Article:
Gungrave G.O.R.E Review

Gungrave G.O.R.E. by developer IGGYMOB and publishers Plaion and Prime MatterMicrosoft Xbox Series X|S review written by Nick with a copy provided by the publisher.

Estimated reading time: 8 minutes

Gungrave G.O.R.E. isn’t really a bad game. The problem is that it’s not really a good one either. It’s more style over substance. There is plenty of relatively mindless action to be had here, and for those who are looking for heavy action similar to what you’d find in arcades in years past, Gungrave G.O.R.E. delivers that pretty well by and large.

For those unfamiliar with the Gungrave series, it’s based on an anime that follows protagonist Brandon Heat who has the mantle Gunslinger of Resurrection. It’s very much meant to put you in control of a tough-as-nails sort of anti-hero who is taking on waves of enemies because of… reasons. I mean, there’s a bit of a story here, but it’s super thin. Maybe if I had greater familiarity with the anime (I know next to nothing about it), or the prior games (I actually enjoyed the VR titles – their presentation in virtual reality gave it a certain extra ‘umph’ visually at least), so I’m not overly invested in the characters or world. And though the game says you don’t need to be familiar with the overall backstory to understand what’s going on before playing this game (due to a recap at the start), and I’d generally agree with that statement, it might have helped me feel a bit more invested in the happenings.

It doesn’t help that our protagonist really only has a few lines throughout. The focus is really on the action here, as evidenced by “Kick Their Ass” at the start of each level. There’s no beating around the bush here, and really – maybe that’s for the best as that puts the focus on what Gungrave G.O.R.E. does do best – deliver loads of fast-paced action that certainly has its rewarding moments. It's just that when I put the controller down, there wasn't anything all that memorable about the game outside of a few of those moments either.

It’s easy to just say that you’re supposed to go out and tear your opponents to shreds, but Gungrave G.O.R.E. deserves some credit for building in mechanics that really do try to push that. Gameplay is really not about defense. There are some jumping / dodging / diving mechanics at play here, but even those often feel like they’re a lead-in to attacks. The shooting has a sort of baked in aim-assist that helps you zero in on targets, and there’s a combo system at the core of the gameplay that is there as a way of encouraging constant forward moment. Even if there aren’t enemies on the screen, you want to shoot nearby environmental objects to keep those strings going.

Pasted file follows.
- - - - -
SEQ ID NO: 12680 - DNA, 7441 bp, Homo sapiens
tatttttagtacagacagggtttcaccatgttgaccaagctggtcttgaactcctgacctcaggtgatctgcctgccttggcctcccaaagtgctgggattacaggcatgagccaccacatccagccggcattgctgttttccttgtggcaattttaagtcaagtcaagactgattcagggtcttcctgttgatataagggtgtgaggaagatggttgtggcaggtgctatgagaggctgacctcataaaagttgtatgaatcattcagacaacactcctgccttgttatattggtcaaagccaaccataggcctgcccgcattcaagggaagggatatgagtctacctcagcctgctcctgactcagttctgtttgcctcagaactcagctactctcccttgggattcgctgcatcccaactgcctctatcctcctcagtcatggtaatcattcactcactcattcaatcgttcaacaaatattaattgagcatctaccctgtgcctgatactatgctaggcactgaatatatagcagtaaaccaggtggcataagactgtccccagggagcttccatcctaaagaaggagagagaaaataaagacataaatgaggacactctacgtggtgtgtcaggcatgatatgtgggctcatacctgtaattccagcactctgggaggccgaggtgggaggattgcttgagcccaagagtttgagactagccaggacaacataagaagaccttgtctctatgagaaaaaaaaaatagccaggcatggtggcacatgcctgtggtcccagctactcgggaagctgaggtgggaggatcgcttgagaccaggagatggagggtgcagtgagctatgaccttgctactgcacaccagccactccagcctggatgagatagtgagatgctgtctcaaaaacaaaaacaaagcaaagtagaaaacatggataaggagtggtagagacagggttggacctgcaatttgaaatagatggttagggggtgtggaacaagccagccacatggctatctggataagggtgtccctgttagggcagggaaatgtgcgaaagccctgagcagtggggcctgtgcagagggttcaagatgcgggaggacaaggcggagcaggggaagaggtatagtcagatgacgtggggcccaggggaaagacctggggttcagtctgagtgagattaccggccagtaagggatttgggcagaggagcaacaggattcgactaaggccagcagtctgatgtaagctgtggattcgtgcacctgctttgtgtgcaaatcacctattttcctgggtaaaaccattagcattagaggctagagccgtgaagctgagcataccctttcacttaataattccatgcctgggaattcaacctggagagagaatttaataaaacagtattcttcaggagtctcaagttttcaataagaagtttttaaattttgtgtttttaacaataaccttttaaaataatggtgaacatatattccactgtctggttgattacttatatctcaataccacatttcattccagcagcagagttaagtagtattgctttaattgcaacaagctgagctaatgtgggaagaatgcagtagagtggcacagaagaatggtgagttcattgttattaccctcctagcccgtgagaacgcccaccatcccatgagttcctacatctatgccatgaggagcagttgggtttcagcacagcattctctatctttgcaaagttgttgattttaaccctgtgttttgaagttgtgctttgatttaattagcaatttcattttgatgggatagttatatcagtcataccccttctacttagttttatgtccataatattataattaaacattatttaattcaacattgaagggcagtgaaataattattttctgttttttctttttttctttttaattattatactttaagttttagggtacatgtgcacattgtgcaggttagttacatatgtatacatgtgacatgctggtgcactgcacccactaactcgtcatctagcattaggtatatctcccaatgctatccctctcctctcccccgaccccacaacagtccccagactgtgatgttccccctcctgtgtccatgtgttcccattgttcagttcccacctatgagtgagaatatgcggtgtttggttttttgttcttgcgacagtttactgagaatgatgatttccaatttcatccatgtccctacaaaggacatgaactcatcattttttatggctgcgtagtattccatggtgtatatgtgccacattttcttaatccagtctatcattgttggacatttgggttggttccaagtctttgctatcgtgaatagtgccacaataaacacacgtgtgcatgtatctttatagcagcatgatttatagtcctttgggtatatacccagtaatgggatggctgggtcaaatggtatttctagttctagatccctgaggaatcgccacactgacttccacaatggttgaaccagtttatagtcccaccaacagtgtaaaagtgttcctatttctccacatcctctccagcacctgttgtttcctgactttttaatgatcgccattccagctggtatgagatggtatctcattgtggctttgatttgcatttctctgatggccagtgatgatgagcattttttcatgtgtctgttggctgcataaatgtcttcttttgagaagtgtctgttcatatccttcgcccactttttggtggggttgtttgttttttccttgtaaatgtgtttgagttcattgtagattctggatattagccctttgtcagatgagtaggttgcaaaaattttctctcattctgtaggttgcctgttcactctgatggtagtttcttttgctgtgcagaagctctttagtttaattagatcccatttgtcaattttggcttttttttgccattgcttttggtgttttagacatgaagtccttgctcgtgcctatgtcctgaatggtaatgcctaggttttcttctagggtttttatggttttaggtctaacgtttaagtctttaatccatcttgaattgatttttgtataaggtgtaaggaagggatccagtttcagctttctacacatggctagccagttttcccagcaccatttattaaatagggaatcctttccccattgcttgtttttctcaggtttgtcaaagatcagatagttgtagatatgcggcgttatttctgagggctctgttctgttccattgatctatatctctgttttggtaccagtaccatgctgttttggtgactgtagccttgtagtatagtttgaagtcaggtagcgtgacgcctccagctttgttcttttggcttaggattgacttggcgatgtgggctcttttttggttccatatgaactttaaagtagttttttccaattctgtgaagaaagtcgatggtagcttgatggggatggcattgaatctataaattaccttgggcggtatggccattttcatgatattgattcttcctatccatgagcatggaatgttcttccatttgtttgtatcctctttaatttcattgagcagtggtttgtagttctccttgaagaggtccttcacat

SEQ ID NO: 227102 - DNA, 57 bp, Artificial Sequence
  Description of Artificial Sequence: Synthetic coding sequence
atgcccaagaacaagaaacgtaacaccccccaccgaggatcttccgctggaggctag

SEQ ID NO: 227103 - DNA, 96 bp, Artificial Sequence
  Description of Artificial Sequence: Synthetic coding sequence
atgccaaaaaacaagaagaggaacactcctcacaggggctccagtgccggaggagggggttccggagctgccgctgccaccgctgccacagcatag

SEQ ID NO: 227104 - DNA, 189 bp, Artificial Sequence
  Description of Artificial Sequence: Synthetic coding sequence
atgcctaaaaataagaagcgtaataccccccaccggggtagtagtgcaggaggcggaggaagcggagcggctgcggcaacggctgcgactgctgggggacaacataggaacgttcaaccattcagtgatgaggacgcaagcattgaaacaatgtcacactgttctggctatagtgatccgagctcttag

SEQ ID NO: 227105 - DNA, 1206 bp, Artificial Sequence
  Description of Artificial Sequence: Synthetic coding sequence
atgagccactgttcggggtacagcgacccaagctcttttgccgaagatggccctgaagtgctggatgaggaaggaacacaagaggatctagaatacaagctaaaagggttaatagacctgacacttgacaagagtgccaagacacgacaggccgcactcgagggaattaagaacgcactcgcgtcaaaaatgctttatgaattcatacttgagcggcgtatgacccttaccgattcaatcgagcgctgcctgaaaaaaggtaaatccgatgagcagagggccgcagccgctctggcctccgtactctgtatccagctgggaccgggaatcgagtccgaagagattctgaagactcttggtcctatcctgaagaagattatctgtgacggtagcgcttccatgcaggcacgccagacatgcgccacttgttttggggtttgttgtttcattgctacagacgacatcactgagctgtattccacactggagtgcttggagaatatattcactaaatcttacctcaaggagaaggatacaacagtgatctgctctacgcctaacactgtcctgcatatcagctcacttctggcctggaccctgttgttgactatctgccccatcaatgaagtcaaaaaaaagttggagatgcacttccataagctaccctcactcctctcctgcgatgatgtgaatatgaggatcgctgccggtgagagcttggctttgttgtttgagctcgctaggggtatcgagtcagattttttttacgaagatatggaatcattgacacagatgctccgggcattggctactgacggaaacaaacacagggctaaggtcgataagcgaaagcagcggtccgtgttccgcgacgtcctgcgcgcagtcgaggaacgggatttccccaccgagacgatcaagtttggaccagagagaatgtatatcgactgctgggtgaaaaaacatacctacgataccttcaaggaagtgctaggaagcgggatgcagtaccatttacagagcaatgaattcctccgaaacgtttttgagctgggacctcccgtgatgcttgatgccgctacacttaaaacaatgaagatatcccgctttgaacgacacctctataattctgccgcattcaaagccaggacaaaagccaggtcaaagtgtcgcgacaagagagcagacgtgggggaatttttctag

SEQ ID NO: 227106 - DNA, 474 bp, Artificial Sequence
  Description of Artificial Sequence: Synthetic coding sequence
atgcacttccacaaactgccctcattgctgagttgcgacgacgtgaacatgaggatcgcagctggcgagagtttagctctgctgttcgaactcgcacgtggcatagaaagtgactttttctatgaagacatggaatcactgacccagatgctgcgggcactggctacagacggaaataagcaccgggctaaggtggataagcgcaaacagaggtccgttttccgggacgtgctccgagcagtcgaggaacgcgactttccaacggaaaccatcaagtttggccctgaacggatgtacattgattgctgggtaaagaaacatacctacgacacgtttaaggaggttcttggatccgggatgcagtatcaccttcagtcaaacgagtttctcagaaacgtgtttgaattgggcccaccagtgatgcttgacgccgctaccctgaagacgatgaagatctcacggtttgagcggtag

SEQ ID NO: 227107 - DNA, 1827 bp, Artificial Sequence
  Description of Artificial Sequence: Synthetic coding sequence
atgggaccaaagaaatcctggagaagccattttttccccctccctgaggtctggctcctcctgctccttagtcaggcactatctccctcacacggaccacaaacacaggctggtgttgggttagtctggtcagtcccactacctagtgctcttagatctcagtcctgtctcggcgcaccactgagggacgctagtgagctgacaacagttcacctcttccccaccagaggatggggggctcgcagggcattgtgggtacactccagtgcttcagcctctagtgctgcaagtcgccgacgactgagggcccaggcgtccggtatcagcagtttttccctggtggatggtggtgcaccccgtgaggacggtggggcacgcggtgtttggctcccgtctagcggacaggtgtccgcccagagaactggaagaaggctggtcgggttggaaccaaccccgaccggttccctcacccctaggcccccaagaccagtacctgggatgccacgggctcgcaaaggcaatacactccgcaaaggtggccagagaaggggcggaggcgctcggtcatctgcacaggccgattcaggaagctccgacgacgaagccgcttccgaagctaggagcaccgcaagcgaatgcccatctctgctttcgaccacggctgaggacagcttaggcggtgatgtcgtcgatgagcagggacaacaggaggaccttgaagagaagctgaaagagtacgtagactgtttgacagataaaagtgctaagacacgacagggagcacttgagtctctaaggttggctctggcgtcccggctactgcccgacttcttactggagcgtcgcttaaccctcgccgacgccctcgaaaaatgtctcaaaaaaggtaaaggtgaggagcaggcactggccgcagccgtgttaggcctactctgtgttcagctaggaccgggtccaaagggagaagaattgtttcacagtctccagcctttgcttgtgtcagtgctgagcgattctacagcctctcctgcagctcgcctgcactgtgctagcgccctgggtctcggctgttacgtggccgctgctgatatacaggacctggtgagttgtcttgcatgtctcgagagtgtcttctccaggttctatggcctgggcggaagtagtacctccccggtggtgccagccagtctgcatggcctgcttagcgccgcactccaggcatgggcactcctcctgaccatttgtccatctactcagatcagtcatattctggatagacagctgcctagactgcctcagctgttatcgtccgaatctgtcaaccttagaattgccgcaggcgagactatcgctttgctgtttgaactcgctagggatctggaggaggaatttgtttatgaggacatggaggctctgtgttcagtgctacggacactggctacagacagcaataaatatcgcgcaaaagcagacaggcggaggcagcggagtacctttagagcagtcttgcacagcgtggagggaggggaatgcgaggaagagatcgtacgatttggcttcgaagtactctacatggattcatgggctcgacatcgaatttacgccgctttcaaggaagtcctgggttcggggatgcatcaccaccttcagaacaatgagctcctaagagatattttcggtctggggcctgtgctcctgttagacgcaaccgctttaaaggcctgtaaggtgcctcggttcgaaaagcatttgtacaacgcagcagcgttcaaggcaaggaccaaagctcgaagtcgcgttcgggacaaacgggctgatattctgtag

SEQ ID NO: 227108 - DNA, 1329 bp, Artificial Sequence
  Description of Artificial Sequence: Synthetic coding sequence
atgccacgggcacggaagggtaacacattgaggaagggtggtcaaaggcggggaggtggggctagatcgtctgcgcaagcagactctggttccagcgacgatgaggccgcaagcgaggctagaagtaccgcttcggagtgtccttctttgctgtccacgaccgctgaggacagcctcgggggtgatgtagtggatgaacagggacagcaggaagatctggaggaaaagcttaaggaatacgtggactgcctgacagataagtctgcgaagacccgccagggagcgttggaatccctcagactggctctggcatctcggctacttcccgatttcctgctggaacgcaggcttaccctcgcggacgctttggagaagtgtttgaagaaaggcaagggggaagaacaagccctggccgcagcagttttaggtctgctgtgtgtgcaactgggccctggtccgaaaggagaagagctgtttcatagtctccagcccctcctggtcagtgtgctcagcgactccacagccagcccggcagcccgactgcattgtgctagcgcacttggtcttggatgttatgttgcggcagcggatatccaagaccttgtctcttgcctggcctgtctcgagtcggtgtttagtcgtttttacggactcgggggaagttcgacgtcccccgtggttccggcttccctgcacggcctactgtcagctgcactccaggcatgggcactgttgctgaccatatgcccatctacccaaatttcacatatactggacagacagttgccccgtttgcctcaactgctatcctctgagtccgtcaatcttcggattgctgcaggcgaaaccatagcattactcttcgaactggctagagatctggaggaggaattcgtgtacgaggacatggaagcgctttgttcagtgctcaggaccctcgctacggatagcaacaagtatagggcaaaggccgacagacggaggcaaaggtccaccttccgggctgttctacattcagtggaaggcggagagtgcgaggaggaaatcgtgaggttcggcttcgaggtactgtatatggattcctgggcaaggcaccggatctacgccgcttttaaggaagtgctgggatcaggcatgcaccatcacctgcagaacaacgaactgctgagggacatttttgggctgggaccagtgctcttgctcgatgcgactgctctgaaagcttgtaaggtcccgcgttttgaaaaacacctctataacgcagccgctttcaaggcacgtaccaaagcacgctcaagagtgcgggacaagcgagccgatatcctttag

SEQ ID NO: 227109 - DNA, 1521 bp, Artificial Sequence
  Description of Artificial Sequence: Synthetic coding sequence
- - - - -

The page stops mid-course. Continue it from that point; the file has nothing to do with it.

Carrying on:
Even the block is more of a deflection – and it’s certainly flashy in that it’s swinging a coffin around. That coffin serves as both a deflection tool for things like incoming missiles and also your melee attacks. These sort of non-stop action mechanics, when melded with really linear levels keeps the action pretty relentless. In fact, the level designs while they look cool by and large, and some of them have slightly unique aspects to them, just don’t offer much else. There’s a handful of small detours you can take that are fairly meaningless outside of looking for more enemies to pummel. There’s no collectibles or hidden rewards tucked into nooks and crannies. It really is just a game built around constantly shooting at things that are also continually shooting at you. I think most of the levels were knocked out in about a dozen minutes or less.

There are nearly a few dozen stages though, which does help add to the amount of time playing you have here, but there’s really just not a lot of depth to them. By about one-third of the way through Gungrave G.O.R.E., I kind of felt like I had seen the majority of what the enemies had to offer. Sure, later stages might change some colors or add a small modification to what I had seen before, but there’s not a ton of variety to be had. Which leads to later stages mostly consisting of fighting the same guys you have been, just more of their most annoying forms. It doesn’t help that our protagonist is a very slow character, and he feels a bit out of sorts when matched against quicker characters – especially when they come in clusters in a somewhat tight space.

The game’s special attacks are pretty entertaining though. I mentioned smacking enemies with a coffin as a melee attack, and the execution moves and special attacks / Demolition Shots feel weighty and are rewarding when you get to use them. That helps, especially when you find some of the more annoying enemies out there (in particular there are these massive guys near the end that blot out a lot of the screens visibility, or these shield-toting characters that just sort of break up the otherwise natural flow of combat). These enemies frustrate more than they challenge half the time.


Gungrave G.O.R.E. feels like one of those games that would have felt right at home in an arcade years ago. The action’s borderline unrelenting, and some of the cheaper, more annoying hordes of characters almost feel like they were made for eating someone’s quarters.

Characters look interesting and creative early on, but like the gameplay become repetitive fairly early into things, which is a shame since there are a lot of beautifully realized if linear environments that feel more like they are meant to be ‘gotten through’ instead of enjoyed and explored.

Gungrave G.O.R.E. has some rewarding moments here and there, but it’s a relatively average game that is likely only to appeal to hardcore fans of action games of the source material.

Score: 6 / 10



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